GRAPHICS PRO

July '20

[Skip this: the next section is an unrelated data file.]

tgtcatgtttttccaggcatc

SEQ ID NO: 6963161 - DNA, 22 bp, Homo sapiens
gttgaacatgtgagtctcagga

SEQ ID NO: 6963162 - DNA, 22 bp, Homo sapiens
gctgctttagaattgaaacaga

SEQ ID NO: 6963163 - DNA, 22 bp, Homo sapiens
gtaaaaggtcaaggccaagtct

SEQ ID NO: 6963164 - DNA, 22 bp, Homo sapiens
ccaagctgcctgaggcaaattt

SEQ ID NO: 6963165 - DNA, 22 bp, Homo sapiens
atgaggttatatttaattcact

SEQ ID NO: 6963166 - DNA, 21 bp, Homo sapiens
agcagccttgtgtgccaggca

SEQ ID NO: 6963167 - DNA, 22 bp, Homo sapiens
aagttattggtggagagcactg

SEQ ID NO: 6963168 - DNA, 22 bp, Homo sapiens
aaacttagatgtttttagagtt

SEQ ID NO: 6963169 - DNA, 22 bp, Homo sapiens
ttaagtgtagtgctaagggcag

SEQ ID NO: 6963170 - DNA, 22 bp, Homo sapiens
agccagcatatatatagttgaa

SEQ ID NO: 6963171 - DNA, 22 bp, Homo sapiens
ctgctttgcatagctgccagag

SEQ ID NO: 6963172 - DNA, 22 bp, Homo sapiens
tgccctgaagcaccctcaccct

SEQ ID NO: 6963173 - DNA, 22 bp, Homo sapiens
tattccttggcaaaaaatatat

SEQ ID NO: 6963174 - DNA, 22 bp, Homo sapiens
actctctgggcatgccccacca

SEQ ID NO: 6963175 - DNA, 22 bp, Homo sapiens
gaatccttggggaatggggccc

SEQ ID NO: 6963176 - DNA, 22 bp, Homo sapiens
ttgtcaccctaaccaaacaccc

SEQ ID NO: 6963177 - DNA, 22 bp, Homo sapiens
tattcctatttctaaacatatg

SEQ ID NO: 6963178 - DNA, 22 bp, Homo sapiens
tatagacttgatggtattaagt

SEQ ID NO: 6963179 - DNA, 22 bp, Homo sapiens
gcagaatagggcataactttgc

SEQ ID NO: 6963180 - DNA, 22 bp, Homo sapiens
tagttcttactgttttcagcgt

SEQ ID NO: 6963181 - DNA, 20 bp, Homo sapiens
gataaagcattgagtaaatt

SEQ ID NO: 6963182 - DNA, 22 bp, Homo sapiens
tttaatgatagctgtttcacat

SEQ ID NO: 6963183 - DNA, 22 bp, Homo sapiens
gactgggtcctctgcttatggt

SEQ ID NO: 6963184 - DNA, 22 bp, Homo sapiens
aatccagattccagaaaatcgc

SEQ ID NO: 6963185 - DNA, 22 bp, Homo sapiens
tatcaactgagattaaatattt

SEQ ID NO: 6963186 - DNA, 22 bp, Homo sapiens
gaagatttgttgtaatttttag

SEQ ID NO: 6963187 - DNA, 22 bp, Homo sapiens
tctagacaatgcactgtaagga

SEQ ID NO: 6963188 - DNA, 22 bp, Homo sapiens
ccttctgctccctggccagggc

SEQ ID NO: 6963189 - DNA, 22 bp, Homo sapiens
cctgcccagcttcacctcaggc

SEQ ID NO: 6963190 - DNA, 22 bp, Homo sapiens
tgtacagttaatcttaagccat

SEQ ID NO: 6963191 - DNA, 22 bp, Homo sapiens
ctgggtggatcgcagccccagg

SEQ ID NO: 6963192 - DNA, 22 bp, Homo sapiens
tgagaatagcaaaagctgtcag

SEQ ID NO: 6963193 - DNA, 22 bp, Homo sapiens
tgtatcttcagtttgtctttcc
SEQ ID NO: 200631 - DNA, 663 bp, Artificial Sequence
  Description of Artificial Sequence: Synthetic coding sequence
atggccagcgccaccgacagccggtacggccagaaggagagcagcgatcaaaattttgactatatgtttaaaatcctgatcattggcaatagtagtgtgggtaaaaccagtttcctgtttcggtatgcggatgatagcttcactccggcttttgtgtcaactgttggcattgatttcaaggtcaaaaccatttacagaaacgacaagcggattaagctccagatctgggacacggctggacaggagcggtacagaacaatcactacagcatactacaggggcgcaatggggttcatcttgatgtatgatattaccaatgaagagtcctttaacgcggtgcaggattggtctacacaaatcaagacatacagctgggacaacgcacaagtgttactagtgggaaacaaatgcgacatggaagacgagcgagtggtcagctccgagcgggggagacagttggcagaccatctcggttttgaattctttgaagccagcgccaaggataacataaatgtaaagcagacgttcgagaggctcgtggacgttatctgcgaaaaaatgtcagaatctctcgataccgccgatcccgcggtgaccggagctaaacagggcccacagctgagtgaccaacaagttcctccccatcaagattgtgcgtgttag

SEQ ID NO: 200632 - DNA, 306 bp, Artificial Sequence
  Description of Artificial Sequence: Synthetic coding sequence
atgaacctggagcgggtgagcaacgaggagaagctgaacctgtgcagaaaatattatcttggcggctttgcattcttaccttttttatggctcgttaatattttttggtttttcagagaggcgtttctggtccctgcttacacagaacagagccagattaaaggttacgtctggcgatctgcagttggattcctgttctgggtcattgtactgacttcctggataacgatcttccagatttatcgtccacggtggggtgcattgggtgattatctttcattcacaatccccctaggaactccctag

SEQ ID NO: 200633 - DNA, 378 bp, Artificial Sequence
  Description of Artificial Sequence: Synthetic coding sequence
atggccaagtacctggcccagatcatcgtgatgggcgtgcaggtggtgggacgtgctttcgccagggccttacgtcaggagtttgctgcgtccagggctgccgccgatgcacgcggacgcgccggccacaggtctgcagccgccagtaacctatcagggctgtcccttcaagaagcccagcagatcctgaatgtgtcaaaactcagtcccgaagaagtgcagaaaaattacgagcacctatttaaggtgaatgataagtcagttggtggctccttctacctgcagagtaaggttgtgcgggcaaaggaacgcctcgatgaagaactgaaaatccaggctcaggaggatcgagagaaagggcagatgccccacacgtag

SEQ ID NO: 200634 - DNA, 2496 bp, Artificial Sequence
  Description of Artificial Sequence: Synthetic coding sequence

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G R A P H I C S - P R O. C O M 2 0 2 0 J U L Y G R A P H I C S P R O 4 3 For the horizontal alignment, I worked with the urn builder to make a wood jig that is perfectly squared to sit against my top ruler that I could place the urn against. I also checked the squareness of the ruler, which is adjustable, and made it perfect. I can now place each urn reliably in my laser in an efficient timeframe with great results. The next challenge was finding the absolute center of the urn to place my red dot tool on and tell my laser that is the starting point. I have a centering ruler I created that quickly locates the center of a product both vertically and horizontally. I also created a template from a piece of cardboard by cutting it out with the laser the cor- rect size and laser cutting a small hole in the perfect center. I now have two tools to orient my laser to the center of the product. I get great results and can complete each order (10 to 20 per order) in a reasonable time. SMALL CUTOUT PIECES Occasionally, I accept projects that include small cutout letters or graphics. I also sell a line of mini signs for Christmas villages and miniature railroad tables. I found that letters or pieces of a graphic were much smaller than expected or smaller than they looked on my computer screen. I quickly realized I needed to take into consider- ation something called the laser's kerf. What is the kerf? Even though the laser's beam, which performs the cutting of the material, is very small, it can be considered larger than expected when cutting small objects. My laser's beam is 0.003 to 0.0065 inches in diameter with a 1 1/2-inch lens. The hairline I draw with in my graphic software is the center point of the cut line, so the laser's beam will cut half its width inside the cut line and half outside the line. So, I will lose at least 0.0015 of my object being cut. That may not sound like a lot, but when you do the math, it might represent 10 or 20% of the object. It actually might be closer to 0.002 or more based on how slow (dwell time) the laser speed is set to. The slower the speed, the longer the beam sits over one spot burning away the material. If pieces to a graphic are too small or the insides of letters are cut too large, consider these solutions. Make the graphic or letter slightly larger than you need. You may need to experiment with one letter, perhaps the worst one. You might want to begin the enlargement with half of your kerf amount. Your kerf can be obtained from your laser manual or if you cannot easily find it, call your manufacturer's support team. Scale the letter up each enlargement by 0.002 until you find a satisfactory cut letter or graphic. Another solution to try is to increase your speed by 25% and laser cut multiple times. You can go up in speed in increments of 5 to 10% to see if that provides a cleaner cut. If the primary issue is the inside of letters, you can decrease the size of the inside cutouts by turning the letters to curves (Corel) or lines (Adobe). For instance, if the letter is an O, this can be accomplished in Corel by selecting the text, pressing Ctrl + K to break the text apart, selecting the letter, then pressing Ctrl + Q to turn the letter into an object. You will then have two black objects. Select the center of the O (alt select) and select white from your color palette. Bring the object to the top, Ctrl + Home. Shrink the center by 5 to 10% or a percent that will work. Different solutions provide the best results for different situa- tions. Document what has worked best for you as you may have the challenge in the future long after your memory of how you solved it. Meeting challenges can be fun, especially when you are not in a hurry. GP BOB HAGEL and his wife Dana own Eagle's Mark Awards & Signs, offering a full line of personalized products using laser engraving, sand etching, and full-color UV direct print on products. They have offered awards, recognition, and signage products to organiza- tions for more than a decade in the Southern California wine country. He can be reached at bob@eaglesmark.com.

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